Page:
Saturday September 12 2007, I arrived at my local dump with two pick up trucks filled with discarded event garbage.
Tired, but thrilled that the Port Perry Half Marathon was a great success; I began the automatic motion of race day clean up. As I began to throw my race garbage blissfully into the big green bin I found myself feeling lighter with each countless toss to my old faithful friend, the steel green bin. I loved that it stood there solid and strong willing to take whatever I wanted to throw into its large mouth, without judgment or questioning. Within minutes I would be free from all the leftover trash and could continue on with my exciting day.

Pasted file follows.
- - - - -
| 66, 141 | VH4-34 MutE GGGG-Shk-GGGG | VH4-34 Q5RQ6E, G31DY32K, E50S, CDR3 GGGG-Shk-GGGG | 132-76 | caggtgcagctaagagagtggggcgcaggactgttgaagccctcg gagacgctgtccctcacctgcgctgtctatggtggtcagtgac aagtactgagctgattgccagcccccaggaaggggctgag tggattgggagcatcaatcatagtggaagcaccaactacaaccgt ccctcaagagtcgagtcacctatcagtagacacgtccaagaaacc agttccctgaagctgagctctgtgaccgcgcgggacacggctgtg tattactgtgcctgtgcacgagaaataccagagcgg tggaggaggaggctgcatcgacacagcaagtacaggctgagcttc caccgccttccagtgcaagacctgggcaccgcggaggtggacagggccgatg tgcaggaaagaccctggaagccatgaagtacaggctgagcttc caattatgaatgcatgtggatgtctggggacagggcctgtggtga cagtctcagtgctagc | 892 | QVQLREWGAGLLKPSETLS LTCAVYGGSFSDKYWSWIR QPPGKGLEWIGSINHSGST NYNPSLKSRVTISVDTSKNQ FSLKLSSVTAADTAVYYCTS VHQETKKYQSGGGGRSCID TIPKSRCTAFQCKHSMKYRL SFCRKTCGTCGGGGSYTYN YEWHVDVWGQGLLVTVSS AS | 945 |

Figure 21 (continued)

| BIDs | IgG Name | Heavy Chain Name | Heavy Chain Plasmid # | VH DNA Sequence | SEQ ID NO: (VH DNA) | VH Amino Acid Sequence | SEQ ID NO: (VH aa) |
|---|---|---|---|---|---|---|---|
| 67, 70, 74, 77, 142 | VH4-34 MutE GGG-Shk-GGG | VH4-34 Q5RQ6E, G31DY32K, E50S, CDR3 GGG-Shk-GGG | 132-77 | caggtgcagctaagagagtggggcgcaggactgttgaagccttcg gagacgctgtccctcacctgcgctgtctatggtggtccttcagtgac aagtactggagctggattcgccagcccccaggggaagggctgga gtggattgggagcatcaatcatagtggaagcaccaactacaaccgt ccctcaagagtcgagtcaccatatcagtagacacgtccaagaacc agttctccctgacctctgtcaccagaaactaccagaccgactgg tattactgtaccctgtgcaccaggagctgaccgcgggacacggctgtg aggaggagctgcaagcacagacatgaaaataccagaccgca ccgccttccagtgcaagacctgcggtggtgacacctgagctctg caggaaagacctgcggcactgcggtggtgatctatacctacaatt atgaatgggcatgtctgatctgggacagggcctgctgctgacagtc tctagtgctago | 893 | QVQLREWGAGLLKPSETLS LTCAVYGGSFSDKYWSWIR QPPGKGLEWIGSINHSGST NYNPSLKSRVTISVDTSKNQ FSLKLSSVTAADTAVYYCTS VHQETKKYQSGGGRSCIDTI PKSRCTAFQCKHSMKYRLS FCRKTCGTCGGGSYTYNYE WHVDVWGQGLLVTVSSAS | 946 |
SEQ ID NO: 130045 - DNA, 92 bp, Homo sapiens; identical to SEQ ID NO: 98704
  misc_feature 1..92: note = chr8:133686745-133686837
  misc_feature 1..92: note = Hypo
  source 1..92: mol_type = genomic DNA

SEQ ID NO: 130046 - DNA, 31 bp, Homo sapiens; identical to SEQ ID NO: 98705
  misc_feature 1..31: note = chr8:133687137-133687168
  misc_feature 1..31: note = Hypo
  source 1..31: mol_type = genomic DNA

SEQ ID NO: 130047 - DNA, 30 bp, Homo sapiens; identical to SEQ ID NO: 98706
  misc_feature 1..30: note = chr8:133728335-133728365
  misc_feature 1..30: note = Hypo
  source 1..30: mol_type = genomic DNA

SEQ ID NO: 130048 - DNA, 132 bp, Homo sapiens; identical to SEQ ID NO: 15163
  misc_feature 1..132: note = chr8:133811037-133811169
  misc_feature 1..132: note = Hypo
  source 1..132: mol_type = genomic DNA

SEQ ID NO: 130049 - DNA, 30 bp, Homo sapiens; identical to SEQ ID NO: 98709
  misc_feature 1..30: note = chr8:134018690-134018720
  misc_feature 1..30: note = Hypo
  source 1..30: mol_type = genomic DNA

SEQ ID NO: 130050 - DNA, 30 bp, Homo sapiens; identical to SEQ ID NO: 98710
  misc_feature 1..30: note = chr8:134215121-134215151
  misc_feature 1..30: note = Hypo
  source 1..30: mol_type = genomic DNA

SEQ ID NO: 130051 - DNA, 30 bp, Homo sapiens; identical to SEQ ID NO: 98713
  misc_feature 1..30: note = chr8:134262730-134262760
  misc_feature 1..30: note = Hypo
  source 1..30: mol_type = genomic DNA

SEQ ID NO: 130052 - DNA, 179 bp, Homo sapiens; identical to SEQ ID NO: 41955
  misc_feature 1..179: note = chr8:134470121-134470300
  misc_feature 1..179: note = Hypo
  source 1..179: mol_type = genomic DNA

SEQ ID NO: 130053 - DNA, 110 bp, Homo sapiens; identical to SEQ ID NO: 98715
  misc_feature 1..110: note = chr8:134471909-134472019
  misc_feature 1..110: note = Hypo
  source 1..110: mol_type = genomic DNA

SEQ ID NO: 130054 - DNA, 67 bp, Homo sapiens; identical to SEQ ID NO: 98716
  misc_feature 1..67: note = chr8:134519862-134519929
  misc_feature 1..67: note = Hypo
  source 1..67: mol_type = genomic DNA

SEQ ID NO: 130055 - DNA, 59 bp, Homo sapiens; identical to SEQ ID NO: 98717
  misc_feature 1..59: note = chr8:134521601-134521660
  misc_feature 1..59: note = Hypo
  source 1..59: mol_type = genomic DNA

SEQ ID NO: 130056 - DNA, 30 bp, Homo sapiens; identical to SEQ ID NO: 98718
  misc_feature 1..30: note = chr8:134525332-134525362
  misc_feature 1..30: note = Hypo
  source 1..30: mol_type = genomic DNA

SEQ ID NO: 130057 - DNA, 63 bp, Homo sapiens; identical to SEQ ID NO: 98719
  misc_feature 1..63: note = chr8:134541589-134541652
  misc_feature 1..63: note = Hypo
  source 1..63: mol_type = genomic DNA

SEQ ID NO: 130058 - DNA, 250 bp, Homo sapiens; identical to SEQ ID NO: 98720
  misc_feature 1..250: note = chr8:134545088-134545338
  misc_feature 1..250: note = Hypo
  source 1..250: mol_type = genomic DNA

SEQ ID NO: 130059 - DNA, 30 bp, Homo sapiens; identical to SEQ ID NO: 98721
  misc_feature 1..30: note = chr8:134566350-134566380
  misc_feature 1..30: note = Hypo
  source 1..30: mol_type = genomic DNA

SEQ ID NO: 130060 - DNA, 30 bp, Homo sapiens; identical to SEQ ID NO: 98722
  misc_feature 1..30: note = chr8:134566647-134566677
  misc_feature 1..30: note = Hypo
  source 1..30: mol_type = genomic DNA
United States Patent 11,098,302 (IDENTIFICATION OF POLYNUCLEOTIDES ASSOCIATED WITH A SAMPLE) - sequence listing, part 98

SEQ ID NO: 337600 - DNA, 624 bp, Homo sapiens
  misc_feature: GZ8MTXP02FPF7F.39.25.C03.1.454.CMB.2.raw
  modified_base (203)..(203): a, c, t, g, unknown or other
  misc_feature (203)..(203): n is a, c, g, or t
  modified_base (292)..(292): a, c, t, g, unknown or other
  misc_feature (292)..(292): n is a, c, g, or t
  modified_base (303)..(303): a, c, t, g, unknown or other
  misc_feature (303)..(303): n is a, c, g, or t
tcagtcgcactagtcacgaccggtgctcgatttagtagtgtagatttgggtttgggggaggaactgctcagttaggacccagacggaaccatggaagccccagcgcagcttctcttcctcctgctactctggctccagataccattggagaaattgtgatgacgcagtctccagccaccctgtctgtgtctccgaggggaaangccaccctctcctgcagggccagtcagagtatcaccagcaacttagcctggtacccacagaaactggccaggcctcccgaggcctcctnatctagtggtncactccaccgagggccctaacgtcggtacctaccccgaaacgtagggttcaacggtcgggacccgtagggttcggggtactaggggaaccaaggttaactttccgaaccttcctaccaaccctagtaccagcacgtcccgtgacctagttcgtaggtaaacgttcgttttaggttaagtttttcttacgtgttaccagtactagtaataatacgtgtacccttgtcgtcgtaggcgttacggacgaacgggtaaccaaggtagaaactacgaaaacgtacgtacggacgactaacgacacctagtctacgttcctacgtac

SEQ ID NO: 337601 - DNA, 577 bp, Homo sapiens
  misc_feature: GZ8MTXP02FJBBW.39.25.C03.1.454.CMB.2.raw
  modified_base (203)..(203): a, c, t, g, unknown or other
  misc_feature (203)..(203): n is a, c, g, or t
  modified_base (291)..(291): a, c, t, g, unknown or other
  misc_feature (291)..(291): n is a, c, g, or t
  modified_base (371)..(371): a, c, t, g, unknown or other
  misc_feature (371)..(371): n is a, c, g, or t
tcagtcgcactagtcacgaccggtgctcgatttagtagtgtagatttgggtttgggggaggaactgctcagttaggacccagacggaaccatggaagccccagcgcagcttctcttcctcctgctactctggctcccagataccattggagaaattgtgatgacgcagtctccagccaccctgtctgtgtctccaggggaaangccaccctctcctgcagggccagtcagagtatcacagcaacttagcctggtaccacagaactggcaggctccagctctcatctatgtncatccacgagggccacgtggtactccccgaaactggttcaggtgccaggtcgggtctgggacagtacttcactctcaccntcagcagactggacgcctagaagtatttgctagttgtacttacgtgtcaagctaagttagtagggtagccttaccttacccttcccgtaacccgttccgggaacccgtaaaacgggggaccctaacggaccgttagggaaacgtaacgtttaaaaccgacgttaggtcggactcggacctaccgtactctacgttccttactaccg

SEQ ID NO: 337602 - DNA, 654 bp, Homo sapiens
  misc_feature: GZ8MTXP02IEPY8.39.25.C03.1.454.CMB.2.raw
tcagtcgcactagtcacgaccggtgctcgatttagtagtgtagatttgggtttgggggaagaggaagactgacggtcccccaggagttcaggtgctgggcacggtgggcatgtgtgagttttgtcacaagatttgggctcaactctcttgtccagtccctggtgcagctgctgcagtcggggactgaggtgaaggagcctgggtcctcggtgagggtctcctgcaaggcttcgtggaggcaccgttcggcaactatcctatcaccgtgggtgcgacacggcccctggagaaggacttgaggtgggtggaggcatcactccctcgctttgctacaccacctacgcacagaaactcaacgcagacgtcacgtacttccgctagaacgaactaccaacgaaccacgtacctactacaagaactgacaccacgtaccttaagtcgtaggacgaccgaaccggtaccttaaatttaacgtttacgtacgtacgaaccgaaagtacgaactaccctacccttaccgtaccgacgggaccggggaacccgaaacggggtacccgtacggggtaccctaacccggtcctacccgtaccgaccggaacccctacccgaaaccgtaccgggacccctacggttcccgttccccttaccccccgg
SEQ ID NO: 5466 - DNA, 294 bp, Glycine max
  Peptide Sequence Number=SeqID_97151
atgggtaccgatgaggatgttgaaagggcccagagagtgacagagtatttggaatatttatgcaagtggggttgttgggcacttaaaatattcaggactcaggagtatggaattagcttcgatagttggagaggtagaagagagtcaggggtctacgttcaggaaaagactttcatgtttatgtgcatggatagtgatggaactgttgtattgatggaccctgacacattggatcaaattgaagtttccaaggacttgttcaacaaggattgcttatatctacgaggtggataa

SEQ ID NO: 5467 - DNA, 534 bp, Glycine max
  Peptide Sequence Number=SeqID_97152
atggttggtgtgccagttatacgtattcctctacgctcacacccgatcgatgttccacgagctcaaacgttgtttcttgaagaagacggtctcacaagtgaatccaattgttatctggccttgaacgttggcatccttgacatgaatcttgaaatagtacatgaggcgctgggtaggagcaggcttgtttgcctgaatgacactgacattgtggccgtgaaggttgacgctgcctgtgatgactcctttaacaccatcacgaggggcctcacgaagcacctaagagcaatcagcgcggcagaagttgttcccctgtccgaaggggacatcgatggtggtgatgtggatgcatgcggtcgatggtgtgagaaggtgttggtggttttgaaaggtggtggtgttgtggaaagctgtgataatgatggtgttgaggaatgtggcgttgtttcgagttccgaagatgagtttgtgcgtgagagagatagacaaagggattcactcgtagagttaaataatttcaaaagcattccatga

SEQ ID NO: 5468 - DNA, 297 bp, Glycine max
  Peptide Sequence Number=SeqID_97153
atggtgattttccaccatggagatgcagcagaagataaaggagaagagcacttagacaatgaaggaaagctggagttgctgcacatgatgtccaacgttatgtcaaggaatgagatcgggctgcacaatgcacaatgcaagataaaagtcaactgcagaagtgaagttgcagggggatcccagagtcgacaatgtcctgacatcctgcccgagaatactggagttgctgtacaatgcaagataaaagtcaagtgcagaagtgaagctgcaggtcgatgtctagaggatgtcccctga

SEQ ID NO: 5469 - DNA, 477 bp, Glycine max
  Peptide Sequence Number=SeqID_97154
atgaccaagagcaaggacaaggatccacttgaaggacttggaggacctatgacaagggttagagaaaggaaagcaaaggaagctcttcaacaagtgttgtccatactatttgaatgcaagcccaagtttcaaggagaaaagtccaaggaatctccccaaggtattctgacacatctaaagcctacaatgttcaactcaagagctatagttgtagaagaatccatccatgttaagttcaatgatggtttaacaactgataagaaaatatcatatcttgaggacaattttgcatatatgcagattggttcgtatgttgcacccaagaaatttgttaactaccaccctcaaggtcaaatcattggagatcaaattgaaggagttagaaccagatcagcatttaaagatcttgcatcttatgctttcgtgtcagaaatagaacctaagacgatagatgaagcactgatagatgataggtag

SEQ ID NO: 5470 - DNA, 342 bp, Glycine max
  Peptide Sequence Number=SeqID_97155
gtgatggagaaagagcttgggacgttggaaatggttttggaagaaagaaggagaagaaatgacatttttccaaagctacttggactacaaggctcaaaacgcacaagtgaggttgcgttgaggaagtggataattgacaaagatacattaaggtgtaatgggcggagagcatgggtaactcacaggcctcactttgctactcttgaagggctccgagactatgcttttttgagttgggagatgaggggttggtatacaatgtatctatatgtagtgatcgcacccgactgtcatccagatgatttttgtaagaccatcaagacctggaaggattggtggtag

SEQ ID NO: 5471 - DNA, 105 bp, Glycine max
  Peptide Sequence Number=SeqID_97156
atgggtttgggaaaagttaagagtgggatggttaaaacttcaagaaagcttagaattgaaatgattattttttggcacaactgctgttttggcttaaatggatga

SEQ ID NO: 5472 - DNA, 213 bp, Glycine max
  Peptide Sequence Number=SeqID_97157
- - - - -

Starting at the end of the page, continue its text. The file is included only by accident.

As I left the dump I felt accomplished and somewhat lighter, but my heart seemed to pause and take count of the moments that had just passed. Its reflection was troubled and concerned. My head started to shout out the great accomplishments that I had just achieved, trying to overshadow the pause of silent reflection that my heart was determined to send.
In that moment of conflict, a conscious sadness erupted over the heavy impact I had just tossed into our earth’s hands. . It silently accepted my garbage and allowed me to continue with my next task, without looking back or forward.
I asked myself, “Where is my garbage going and how long will our earth be carrying it?”
My answer was clear and very troubling, after all, the race was designed to celebrate an individual’s health and achievement, but I had forgotten the interconnectedness of our planet’s health and our health.
I left the dump a little heavier then I had arrived, loaded down with the knowledge of “I can do better”.
Armed with my mantra “I can do better’ I began the long journey of creating Canada’s first carbon neutral run.